All the Oil We'll Never Pump Out
Yes, we have the largest oil reserves. No, we won't ever use them all. No, that doesn't automatically make us rich.
“Venezuela has the world’s largest oil reserves…”
How many times have you read this line? Too many to count? While it’s plainly true, it’s also deeply misleading. It ignores a glaring fact about the gobs of oil under our soil: most of it will never see the light of day. I’m about to take you through the numbers, so buckle up:
Let’s assume that in 2016 Venezuela produces 2.4 million barrels of oil per day (these are round numbers, deal with it.) Of these 2.4 million barrels, some 600 thousand barrels go to Chevy Caprices from 1980, (i.e., domestic consumption). That leaves 1.8 million barrels per day for exports, which is roughly $26 billion per year at $40/barrel – assuming we get paid in cash for oil exports!
Since oil is 95% of Venezuela’s exports, and we have no savings left to unsave, we have $26 billion to import what we need to function as a country, compared to $45 billion/year since 2008. To me, that means that to go back to “normal” imports-wise, we would need to increase export revenues by more than 70%!
All things equal, this means increasing oil exports by 70%, from 1.8 million barrels per day to 3.1 million barrels per day, and oil production by more than 50%, from 2.4 million barrels per day to 3.7 million barrels per day (which by the way, is roughly what Venezuela produced in 1998…).
Will we be able to sell this oil at $40/barrel forever though?
Before answering this question, let’s travel to the future. Imagine it is the year 2100. It’s been 70 years since the world reached peak oil demand in 2030. Electric cars took over Detroit and the world is running on solar, wind, hydro, hydrogen and some gas rather than oil or coal. The little oil demand left around the world comes from petrochemicals, from back up fuel and from few poor countries that are still trying to catch up. This caused a collapse in oil prices to let’s say $10 per barrel, with no prospect of ever picking up.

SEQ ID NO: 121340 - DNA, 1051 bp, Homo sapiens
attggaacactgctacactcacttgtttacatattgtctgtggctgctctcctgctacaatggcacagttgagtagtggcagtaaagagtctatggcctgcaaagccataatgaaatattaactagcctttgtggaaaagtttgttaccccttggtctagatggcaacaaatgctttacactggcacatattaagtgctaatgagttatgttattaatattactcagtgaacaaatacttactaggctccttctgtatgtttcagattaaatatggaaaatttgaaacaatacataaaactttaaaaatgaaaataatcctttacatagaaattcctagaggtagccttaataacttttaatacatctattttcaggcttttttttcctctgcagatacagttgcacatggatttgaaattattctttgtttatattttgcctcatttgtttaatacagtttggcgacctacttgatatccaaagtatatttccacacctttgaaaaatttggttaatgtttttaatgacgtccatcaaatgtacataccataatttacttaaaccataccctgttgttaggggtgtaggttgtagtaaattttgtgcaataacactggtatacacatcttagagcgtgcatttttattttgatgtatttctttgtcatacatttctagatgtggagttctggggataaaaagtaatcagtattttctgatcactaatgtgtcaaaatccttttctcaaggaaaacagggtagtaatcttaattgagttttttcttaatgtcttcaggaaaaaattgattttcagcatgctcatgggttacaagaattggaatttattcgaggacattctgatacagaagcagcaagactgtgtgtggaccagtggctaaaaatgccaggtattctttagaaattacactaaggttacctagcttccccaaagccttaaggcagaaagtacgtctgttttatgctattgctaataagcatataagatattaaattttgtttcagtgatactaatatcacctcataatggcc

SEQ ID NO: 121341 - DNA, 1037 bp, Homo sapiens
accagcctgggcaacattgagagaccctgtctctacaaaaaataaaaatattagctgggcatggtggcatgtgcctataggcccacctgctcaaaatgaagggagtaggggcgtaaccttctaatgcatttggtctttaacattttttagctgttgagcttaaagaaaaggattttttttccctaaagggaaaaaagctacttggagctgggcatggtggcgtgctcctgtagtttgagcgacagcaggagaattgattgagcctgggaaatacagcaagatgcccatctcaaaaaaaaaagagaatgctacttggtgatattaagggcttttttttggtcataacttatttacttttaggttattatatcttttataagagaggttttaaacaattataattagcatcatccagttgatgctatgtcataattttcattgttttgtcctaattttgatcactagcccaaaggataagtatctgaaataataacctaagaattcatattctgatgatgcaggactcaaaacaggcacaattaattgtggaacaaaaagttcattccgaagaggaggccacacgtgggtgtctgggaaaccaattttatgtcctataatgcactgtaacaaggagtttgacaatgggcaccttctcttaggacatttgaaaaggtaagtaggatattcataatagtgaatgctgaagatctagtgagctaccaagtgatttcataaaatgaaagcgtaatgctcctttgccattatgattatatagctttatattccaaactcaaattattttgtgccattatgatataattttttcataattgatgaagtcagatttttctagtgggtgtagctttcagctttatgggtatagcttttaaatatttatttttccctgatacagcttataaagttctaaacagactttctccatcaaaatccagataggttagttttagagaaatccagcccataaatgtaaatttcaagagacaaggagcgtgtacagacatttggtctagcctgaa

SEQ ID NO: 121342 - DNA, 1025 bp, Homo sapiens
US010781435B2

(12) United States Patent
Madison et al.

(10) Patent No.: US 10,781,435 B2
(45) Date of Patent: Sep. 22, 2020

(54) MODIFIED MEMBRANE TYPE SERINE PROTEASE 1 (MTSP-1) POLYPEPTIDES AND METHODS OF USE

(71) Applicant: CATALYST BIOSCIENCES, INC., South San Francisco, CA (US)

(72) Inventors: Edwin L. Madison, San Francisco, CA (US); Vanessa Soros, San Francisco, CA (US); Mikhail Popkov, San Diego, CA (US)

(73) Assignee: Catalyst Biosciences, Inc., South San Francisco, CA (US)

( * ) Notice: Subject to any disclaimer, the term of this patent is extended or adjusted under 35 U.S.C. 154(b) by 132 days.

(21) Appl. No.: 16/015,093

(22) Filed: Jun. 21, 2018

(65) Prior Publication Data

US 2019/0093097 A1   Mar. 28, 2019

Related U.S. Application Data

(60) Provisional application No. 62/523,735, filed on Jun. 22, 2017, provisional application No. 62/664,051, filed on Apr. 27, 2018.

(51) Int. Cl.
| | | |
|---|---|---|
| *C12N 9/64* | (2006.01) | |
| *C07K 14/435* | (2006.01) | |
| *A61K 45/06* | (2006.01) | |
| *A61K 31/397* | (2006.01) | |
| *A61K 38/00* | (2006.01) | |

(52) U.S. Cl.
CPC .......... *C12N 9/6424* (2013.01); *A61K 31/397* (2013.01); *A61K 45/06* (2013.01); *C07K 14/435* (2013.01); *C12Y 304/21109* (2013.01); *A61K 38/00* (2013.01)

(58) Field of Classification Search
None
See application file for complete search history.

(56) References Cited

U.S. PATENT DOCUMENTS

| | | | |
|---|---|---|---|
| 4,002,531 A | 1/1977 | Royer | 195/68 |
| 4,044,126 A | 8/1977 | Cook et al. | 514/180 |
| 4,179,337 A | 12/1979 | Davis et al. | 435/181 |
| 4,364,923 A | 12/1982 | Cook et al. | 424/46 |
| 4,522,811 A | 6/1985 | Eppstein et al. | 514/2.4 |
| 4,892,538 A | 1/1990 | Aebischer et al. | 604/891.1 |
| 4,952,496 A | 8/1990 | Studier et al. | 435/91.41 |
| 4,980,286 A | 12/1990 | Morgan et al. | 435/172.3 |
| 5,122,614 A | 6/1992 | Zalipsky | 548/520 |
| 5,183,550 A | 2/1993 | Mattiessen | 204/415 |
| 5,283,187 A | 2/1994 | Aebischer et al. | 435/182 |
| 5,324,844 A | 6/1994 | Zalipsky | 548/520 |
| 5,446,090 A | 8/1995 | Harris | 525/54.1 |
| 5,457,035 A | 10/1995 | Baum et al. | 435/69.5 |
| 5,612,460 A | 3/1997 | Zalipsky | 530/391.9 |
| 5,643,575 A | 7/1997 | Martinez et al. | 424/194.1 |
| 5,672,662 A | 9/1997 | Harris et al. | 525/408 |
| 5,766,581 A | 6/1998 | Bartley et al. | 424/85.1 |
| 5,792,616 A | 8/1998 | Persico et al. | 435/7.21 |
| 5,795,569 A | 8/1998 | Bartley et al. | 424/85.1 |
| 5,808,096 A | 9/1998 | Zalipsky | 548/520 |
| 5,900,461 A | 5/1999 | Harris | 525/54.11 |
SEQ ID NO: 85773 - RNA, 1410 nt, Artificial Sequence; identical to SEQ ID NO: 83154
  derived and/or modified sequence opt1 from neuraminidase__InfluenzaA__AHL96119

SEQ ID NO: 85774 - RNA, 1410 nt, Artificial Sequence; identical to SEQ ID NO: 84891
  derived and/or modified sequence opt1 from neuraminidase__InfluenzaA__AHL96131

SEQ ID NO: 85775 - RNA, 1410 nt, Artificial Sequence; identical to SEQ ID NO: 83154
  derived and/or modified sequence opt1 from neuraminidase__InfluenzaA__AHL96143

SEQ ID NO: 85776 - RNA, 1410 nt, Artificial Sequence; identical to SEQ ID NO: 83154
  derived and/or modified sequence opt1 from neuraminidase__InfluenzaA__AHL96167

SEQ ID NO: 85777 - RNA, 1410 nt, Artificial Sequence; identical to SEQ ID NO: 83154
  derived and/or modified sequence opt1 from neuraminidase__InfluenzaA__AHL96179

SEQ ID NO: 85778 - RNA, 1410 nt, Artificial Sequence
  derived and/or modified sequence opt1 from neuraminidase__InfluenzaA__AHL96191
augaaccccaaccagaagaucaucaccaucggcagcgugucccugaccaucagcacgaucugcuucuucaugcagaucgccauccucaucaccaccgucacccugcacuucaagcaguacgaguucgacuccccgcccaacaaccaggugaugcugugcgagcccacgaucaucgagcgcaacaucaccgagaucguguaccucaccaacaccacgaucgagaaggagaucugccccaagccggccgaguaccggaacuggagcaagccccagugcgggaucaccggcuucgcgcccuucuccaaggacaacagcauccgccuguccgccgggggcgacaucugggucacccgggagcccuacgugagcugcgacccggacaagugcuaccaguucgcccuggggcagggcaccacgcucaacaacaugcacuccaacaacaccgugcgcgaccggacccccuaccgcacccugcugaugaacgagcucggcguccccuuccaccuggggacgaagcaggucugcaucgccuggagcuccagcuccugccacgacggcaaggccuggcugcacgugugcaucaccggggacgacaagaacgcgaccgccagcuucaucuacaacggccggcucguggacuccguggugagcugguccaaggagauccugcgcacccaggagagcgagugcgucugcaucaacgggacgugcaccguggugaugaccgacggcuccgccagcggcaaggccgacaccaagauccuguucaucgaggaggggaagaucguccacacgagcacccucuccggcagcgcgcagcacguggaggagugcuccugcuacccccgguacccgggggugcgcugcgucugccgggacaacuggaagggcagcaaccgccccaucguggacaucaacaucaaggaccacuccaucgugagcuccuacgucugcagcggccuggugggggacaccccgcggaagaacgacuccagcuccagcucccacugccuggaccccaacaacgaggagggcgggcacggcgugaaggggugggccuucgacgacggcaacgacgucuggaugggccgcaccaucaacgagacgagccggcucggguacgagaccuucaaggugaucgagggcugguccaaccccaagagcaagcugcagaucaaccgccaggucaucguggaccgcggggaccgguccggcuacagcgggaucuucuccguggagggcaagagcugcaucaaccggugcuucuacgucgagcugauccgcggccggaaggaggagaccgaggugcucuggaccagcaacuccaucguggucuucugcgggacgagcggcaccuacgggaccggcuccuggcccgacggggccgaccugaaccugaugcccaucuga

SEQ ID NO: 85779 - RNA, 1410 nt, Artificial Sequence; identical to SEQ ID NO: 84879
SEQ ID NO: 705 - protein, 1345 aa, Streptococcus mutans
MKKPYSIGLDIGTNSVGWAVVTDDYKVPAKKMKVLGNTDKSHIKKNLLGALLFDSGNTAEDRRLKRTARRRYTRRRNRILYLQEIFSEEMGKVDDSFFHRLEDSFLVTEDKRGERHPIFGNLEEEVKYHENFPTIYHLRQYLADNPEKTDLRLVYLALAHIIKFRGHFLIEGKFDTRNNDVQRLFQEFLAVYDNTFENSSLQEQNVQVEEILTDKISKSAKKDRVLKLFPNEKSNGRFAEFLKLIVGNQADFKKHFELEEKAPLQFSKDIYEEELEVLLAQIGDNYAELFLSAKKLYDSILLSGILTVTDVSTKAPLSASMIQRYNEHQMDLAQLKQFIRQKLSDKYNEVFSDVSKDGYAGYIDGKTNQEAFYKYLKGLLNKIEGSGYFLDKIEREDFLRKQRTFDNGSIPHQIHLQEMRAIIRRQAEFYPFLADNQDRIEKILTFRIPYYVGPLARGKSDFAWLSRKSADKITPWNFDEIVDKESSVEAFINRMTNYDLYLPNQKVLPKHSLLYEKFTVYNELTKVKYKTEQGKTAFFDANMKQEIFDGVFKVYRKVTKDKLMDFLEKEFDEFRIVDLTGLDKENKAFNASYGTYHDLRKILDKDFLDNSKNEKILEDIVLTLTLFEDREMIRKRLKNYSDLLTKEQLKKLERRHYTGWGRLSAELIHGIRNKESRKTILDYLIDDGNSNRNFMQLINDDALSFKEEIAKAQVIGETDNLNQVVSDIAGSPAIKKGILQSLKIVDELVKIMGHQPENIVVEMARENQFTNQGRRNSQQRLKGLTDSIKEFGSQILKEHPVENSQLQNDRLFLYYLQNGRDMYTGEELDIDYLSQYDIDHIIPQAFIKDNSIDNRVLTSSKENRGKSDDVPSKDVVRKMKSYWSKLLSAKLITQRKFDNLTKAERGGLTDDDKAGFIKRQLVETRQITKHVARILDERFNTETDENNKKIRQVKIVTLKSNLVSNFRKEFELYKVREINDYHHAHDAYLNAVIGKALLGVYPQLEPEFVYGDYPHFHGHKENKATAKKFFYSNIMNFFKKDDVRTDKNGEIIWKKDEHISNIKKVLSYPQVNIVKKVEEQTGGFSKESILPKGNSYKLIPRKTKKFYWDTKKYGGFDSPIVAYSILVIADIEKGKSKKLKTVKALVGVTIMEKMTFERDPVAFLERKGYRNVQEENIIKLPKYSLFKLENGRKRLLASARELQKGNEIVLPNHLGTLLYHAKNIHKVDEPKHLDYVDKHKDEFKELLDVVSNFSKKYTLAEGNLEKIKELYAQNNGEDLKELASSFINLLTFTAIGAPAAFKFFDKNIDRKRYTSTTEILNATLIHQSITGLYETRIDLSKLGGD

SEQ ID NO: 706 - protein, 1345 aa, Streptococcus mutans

It should be obvious: the notion that we can sustain current production levels for over 200 years is absolutely wrong. The most likely outcome is that within the century, we will virtually stop producing oil and leave a good share of those reserves (and revenues) forever underground.
So what should we do if our main export has an expiry date?
Russia and Saudi Arabia know. Rather than working with OPEC to hike prices, they’ve protected their market share by maxing out production and driving out higher-cost producers. They’re trying to extract all they can can as fast as they can and at the lowest possible cost.
To avoid leaving billion of barrels of reserves (and $$) untapped, we should do the same.
So what does a massive production hike actually look like? Let’s assume that the current production level of conventional oil (1.2 million barrels per day) is somehow maintained flat through a combination of enhanced oil recovery techniques, development of the proven reserves and some exploration. That leaves the real production growth to the Faja. The Faja would need to more than double production from 1.2 million barrels per day to 2.5 million barrels per day. To put it in context, we would need to double the five Faja projects in operation that were conceived in the 90s. Achieving this would allow us to produce 3.7 million barrels a day, satisfy the domestic demand of 600 thousand barrels per day, leave 3.1 million barrels per day for exports that @ $40 per barrel would in turn allow for imports of $45 billion (in line with the recent history average).
Sustaining a production level of 3.7 million barrels per day flat over the next 84 years yields 113 billion barrels. But hold on a second, Venezuela has 300 billion barrels in reserves right? So even if we take on the mammoth task of producing 113 billion barrels through the year 2100, we would have produced less than 40% of our reserves and had left underground 186 billion barrels of reserves!
That lazy line about the world’s “largest oil reserves” has begun to disfigure our conversation about oil. Until we realize that the most likely outcome is that a big share of it will stay underground. If we want to have a chance as a society, to realize the oil wealth that lies underground, we need to move, and quickly, as we are running against the clock here. We must instill the sense of urgency in our society and in the political class to act boldly and decisively.
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